Many teens today feel extremely overwhelmed and anxious, especially those who are out-of-the-box thinkers. Life seems constantly demanding and stressful. With the executive functioning challenges that are typical of ADHD brains, it’s even harder for them to regulate intense feelings. Routine concerns can quickly balloon into outright panic.
Approximately 35% of kids with ADHD have also been diagnosed with an anxiety disorder. In my clinical experience, this number seems higher. After hearing over the years about about the ways that they miss the mark, don’t measure up and differ from other kids, these kids develop an internal vigilance–a nervousness–about the next time they will inadvertently stumble, what people will think of them and how to deal with the inevitable consequences. These worries fosters overt or covert anxiety.
I’ve asked teens with ADHD to describe the two things that cause them the most anxiety. Here’s what they’ve told me that they wish adults knew:
- They can’t keep up with 24/7 demands of their lives–whether it’s in real time or on social media. They struggle to regulate themselves regarding technology, understand social nuances and keep track of events and responsibilities. Their parents don’t see or understand all of the nuances they are dealing with.
Solution: Despite their words or actions to the contrary, teens actually want their parents to set limits on technology and help them manage. Parents, befriend your children on all social media outlets and help them manage FOMO. Talk with your teens about appropriate responses to relationship challenges both online and in person. Help them distinguish when to engage and how. Create screen-free family time at meals. Ask them to share an online, Youtube or musical interest or hobby with you so you can understand and participate in their world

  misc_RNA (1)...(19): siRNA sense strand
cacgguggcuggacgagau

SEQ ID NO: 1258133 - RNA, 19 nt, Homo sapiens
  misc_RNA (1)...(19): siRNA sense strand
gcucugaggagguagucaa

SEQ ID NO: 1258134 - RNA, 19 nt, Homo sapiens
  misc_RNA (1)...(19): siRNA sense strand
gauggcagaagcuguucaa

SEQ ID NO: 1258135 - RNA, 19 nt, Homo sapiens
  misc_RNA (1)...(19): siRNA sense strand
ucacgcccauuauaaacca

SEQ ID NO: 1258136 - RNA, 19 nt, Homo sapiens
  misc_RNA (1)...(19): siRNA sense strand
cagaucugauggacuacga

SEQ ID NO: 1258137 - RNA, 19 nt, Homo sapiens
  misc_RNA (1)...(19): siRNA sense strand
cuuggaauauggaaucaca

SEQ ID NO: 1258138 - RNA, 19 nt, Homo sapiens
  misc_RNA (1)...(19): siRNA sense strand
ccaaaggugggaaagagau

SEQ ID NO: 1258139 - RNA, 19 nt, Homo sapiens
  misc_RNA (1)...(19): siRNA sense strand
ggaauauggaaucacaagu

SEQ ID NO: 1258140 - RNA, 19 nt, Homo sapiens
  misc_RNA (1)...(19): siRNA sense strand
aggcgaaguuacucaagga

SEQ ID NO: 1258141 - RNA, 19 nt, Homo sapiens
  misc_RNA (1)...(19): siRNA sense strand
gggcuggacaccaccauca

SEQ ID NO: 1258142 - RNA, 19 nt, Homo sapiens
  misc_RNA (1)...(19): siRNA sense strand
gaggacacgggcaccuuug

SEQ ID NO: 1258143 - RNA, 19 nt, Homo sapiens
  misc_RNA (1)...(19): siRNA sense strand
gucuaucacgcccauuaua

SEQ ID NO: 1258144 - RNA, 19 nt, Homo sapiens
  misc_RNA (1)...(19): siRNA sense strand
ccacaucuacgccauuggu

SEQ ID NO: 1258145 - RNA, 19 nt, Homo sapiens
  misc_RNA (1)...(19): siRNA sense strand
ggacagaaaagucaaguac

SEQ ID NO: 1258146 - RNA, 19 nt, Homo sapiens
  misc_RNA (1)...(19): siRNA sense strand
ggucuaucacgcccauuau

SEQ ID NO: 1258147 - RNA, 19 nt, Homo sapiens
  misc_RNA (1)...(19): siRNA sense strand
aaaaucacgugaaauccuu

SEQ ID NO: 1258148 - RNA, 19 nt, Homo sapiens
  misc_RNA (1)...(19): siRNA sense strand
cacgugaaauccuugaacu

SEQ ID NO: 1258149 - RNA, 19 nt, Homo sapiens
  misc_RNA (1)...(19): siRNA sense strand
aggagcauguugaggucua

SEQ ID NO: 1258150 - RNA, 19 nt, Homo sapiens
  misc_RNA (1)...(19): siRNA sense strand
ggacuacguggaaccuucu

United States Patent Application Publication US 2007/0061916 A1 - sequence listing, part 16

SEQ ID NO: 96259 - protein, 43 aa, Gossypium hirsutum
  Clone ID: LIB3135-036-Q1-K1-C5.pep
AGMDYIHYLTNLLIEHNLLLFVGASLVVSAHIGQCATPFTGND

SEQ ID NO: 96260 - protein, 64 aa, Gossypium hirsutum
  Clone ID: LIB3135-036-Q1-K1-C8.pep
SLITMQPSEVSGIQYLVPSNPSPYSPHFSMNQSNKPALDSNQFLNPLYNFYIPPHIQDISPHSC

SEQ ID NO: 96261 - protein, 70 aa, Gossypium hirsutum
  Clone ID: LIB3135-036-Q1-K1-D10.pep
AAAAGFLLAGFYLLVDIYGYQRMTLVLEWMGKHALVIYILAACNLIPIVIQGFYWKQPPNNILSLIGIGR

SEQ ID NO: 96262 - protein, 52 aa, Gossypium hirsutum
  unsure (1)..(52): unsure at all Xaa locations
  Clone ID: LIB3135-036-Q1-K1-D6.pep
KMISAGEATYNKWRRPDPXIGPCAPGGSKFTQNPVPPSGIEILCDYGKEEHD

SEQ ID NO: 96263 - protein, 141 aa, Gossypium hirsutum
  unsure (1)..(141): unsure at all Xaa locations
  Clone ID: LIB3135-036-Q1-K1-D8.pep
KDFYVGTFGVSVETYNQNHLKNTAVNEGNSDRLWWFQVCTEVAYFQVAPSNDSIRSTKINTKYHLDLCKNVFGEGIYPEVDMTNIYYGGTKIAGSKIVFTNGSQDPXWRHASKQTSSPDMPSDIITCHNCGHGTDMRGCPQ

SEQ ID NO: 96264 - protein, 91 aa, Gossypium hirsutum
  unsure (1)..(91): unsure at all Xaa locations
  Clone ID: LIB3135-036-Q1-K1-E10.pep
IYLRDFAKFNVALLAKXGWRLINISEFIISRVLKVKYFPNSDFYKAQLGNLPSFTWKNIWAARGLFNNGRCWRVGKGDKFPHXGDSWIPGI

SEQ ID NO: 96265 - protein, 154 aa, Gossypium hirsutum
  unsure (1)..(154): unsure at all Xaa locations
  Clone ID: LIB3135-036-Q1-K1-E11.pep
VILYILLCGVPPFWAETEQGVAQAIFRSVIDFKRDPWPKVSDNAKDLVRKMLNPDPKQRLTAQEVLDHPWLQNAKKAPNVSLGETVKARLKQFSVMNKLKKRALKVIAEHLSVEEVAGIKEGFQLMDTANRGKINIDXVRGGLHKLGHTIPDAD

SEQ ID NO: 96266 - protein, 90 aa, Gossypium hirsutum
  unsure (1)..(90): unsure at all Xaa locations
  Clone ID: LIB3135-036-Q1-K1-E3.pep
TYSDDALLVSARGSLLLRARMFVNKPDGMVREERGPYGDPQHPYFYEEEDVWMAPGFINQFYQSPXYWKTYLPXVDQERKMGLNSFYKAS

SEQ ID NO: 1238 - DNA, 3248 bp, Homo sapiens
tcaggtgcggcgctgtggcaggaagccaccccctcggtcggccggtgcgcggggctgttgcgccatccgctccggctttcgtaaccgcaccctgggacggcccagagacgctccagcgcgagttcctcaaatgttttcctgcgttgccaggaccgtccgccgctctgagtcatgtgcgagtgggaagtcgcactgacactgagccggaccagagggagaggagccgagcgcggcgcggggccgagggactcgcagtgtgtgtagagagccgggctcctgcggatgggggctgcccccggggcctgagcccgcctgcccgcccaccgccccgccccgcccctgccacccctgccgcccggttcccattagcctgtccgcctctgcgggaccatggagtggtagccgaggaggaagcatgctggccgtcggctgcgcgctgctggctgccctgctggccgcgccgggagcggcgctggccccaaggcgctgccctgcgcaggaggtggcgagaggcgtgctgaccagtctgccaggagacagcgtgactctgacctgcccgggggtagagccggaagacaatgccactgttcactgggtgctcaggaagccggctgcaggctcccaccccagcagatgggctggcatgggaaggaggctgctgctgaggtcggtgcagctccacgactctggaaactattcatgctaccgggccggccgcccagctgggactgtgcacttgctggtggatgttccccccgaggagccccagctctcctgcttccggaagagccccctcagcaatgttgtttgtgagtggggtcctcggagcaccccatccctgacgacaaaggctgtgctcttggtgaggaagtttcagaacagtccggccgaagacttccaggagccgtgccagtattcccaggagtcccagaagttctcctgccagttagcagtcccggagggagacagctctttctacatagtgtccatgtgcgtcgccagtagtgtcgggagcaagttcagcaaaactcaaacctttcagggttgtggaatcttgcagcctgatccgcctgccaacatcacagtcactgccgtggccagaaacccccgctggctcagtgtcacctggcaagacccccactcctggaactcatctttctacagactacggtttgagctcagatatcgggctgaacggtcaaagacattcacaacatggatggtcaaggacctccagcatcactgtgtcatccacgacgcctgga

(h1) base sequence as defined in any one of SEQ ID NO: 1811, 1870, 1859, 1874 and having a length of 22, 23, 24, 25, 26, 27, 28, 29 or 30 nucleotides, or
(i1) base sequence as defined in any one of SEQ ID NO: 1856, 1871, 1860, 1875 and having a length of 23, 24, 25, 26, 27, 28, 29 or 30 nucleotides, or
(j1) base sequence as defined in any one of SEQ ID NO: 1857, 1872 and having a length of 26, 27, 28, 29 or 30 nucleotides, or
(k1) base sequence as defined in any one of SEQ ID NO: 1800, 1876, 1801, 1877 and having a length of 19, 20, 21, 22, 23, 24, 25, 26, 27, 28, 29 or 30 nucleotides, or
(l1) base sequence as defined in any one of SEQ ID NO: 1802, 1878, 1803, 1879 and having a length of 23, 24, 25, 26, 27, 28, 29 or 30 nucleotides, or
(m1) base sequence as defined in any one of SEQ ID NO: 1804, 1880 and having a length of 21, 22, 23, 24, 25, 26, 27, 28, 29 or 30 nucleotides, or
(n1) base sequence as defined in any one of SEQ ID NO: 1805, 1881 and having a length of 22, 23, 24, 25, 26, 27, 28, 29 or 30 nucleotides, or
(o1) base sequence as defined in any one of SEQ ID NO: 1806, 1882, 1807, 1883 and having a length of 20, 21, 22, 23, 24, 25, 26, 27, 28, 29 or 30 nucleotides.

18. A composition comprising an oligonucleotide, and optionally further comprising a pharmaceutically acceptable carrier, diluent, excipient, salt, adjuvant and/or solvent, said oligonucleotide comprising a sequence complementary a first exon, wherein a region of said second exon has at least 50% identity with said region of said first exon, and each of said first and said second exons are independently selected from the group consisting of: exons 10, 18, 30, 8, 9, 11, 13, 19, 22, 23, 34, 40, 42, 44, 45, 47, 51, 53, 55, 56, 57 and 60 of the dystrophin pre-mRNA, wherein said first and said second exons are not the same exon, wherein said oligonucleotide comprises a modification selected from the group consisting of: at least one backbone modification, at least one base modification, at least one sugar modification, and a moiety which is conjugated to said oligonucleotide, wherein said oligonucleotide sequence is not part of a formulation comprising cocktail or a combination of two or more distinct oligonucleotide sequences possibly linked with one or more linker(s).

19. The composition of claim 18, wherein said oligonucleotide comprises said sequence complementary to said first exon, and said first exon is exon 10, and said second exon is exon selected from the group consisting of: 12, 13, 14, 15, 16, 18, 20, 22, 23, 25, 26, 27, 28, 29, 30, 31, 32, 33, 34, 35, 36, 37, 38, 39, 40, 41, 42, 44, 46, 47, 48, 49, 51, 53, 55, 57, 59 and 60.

- They feel enormous pressure about school, the college process and what to do after high school. Some teens with ADHD drive themselves too hard, over-focus on achieving good grades and keeping up with their friends. Going to the ‘right’ college becomes more important than pursuing what best fits their interests. Other kids, in the face of repeated academic difficulties, adopt a “why bother even trying” attitude. They’ve lost the interest and impetus to make efforts. Too often, in all of these scenarios, parents will push their children based on their expectations of who they think their teen should be. Arguments and disappointment abound.
Solution: Meet your teen where they are, not where you want them to be or think they should be. Development is an organic process that doesn’t necessarily unfold in a linear fashion. This is especially true for kids with ADHD, learning differences or high functioning autism. Their brains need more time to mature and they may benefit from an alternative path for a while until things fall more into place. Be open to thinking about alternatives. Maybe your son who likes video games and art might be better suited for a vocational program in computer design than conventional academics. Perhaps your daughter who excels at soccer but hates writing might benefit from being an assistant coach for a gap year. Offer guidance and support with an open mind.
Of course, you can’t erase your teen’s anxiety. But, you can help them reduce it by monitoring their overwhelm, showing interest in their on-screen activities and keeping perspective on post-high school options.